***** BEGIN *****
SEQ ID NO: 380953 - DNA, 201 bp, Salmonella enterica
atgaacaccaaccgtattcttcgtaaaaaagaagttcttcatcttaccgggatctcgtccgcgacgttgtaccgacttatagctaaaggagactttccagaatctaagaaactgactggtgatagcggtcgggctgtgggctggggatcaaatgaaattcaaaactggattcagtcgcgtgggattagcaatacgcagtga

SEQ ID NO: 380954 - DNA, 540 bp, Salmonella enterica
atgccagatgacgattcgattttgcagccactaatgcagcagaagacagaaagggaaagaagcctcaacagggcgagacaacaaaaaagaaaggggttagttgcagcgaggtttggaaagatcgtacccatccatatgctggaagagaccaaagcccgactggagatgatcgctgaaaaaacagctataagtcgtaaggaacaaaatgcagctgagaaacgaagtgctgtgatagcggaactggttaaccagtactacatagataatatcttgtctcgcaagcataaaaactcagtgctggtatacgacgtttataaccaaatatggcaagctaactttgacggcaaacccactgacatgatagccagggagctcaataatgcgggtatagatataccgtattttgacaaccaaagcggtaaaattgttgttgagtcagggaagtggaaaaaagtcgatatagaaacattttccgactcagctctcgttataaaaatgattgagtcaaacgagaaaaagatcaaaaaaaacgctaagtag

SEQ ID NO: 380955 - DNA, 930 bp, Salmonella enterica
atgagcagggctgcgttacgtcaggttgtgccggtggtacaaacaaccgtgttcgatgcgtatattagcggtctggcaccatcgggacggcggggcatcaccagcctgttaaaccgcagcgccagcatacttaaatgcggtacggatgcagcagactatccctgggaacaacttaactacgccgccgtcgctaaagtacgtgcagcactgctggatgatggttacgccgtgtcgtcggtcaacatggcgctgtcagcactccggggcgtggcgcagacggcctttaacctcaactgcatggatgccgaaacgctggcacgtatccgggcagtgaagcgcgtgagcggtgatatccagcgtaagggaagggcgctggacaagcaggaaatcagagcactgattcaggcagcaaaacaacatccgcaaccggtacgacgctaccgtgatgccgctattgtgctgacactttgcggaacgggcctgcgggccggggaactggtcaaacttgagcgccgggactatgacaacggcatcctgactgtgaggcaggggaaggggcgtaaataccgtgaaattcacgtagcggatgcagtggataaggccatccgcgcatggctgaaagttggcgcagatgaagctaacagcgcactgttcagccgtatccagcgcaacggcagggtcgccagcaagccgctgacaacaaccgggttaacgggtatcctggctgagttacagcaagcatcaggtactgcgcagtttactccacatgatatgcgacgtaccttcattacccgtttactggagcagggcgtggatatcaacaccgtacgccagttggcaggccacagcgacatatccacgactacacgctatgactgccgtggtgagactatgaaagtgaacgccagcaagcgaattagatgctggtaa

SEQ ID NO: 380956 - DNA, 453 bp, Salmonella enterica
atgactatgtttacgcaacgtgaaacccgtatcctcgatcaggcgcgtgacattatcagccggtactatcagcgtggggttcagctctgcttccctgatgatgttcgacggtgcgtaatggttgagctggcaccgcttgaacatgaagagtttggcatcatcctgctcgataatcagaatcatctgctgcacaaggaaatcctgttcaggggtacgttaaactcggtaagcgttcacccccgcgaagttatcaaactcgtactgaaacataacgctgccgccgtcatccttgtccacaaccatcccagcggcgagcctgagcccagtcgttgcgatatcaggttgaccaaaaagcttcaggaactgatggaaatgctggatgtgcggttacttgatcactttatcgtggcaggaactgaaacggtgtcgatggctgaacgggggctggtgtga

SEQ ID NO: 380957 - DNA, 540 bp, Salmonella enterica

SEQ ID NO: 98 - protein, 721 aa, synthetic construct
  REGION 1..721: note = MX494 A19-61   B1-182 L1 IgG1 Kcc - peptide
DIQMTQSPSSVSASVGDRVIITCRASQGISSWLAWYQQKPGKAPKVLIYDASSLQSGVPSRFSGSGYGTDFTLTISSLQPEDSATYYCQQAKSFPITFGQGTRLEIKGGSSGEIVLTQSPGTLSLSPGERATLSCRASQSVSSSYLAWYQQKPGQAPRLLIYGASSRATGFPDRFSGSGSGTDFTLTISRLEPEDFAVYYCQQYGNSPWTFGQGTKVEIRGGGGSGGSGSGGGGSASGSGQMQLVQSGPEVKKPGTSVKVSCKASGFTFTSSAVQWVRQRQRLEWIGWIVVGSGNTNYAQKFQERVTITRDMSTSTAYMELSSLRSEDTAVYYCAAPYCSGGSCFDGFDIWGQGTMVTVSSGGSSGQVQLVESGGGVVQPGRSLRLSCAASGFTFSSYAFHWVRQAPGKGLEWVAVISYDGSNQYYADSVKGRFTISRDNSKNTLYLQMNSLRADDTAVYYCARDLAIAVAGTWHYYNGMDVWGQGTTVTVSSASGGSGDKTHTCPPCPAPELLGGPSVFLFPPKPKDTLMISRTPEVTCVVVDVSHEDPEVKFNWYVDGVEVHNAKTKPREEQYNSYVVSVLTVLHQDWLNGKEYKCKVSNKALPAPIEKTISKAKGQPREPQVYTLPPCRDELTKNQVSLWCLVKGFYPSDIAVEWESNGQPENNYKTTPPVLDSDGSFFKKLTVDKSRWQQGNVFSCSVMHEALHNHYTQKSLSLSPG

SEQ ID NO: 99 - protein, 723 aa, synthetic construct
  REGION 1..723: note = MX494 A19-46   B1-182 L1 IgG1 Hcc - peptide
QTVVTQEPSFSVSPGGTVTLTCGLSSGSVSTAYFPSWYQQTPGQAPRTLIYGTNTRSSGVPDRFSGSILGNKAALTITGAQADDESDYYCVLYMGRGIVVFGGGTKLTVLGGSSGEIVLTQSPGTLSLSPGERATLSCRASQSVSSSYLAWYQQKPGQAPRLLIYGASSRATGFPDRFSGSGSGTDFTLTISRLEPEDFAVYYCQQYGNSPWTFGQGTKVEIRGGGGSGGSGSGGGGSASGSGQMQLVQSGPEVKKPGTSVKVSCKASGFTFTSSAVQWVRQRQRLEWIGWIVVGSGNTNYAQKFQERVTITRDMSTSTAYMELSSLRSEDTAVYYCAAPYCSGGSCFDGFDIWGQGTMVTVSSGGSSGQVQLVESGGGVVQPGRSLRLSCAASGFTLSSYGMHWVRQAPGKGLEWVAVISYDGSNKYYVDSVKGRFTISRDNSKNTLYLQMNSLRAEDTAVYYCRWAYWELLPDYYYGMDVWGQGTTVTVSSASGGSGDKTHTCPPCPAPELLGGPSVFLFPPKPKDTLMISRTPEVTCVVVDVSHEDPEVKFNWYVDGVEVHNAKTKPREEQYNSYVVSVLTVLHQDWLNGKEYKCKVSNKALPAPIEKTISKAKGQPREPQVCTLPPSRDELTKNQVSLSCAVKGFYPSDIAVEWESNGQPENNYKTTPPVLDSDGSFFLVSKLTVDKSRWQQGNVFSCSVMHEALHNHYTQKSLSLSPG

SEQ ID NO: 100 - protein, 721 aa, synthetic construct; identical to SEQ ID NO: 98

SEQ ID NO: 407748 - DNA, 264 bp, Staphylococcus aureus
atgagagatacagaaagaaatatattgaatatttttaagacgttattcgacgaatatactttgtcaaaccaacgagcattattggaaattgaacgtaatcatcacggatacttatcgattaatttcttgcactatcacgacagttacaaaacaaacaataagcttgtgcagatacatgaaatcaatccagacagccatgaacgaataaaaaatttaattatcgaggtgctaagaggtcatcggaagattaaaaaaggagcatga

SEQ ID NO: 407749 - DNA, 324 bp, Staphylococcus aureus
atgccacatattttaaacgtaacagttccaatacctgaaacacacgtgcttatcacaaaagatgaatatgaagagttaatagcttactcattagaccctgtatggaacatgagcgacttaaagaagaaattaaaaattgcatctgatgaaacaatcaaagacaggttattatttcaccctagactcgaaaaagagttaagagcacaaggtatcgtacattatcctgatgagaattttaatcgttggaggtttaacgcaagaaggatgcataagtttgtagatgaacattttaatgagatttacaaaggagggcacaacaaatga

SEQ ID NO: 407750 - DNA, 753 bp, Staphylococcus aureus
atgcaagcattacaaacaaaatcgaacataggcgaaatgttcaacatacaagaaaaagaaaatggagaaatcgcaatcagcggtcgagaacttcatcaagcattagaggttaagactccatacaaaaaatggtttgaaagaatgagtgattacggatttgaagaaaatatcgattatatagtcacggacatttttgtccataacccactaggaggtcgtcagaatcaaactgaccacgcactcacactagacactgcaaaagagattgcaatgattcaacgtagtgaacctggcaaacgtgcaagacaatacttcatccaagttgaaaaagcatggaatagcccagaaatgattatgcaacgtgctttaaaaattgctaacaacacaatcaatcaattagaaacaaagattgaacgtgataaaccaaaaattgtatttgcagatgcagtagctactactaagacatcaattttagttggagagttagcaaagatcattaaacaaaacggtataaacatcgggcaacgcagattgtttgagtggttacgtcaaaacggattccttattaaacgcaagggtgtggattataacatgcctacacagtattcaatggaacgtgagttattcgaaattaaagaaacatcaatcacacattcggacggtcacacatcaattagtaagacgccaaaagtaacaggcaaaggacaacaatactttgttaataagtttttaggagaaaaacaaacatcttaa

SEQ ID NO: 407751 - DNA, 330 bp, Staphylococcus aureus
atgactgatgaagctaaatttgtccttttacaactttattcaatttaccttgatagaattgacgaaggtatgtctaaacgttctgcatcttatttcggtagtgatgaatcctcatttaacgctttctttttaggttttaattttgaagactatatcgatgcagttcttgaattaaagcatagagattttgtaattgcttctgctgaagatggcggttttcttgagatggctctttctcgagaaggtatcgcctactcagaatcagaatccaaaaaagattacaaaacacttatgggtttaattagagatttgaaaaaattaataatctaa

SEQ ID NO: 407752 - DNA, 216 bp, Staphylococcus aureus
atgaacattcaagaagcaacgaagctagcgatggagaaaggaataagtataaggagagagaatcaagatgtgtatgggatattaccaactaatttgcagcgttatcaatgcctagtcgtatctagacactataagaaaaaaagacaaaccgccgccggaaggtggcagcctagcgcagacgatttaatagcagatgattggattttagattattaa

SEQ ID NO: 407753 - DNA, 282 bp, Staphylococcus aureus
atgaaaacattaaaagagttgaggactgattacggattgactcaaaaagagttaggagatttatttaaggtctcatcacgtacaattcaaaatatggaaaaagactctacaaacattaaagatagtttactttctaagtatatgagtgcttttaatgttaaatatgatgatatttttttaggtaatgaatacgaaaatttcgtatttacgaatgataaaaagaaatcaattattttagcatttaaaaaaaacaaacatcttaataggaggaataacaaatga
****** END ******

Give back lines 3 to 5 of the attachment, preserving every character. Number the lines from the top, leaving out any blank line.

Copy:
SEQ ID NO: 380954 - DNA, 540 bp, Salmonella enterica
atgccagatgacgattcgattttgcagccactaatgcagcagaagacagaaagggaaagaagcctcaacagggcgagacaacaaaaaagaaaggggttagttgcagcgaggtttggaaagatcgtacccatccatatgctggaagagaccaaagcccgactggagatgatcgctgaaaaaacagctataagtcgtaaggaacaaaatgcagctgagaaacgaagtgctgtgatagcggaactggttaaccagtactacatagataatatcttgtctcgcaagcataaaaactcagtgctggtatacgacgtttataaccaaatatggcaagctaactttgacggcaaacccactgacatgatagccagggagctcaataatgcgggtatagatataccgtattttgacaaccaaagcggtaaaattgttgttgagtcagggaagtggaaaaaagtcgatatagaaacattttccgactcagctctcgttataaaaatgattgagtcaaacgagaaaaagatcaaaaaaaacgctaagtag

SEQ ID NO: 380955 - DNA, 930 bp, Salmonella enterica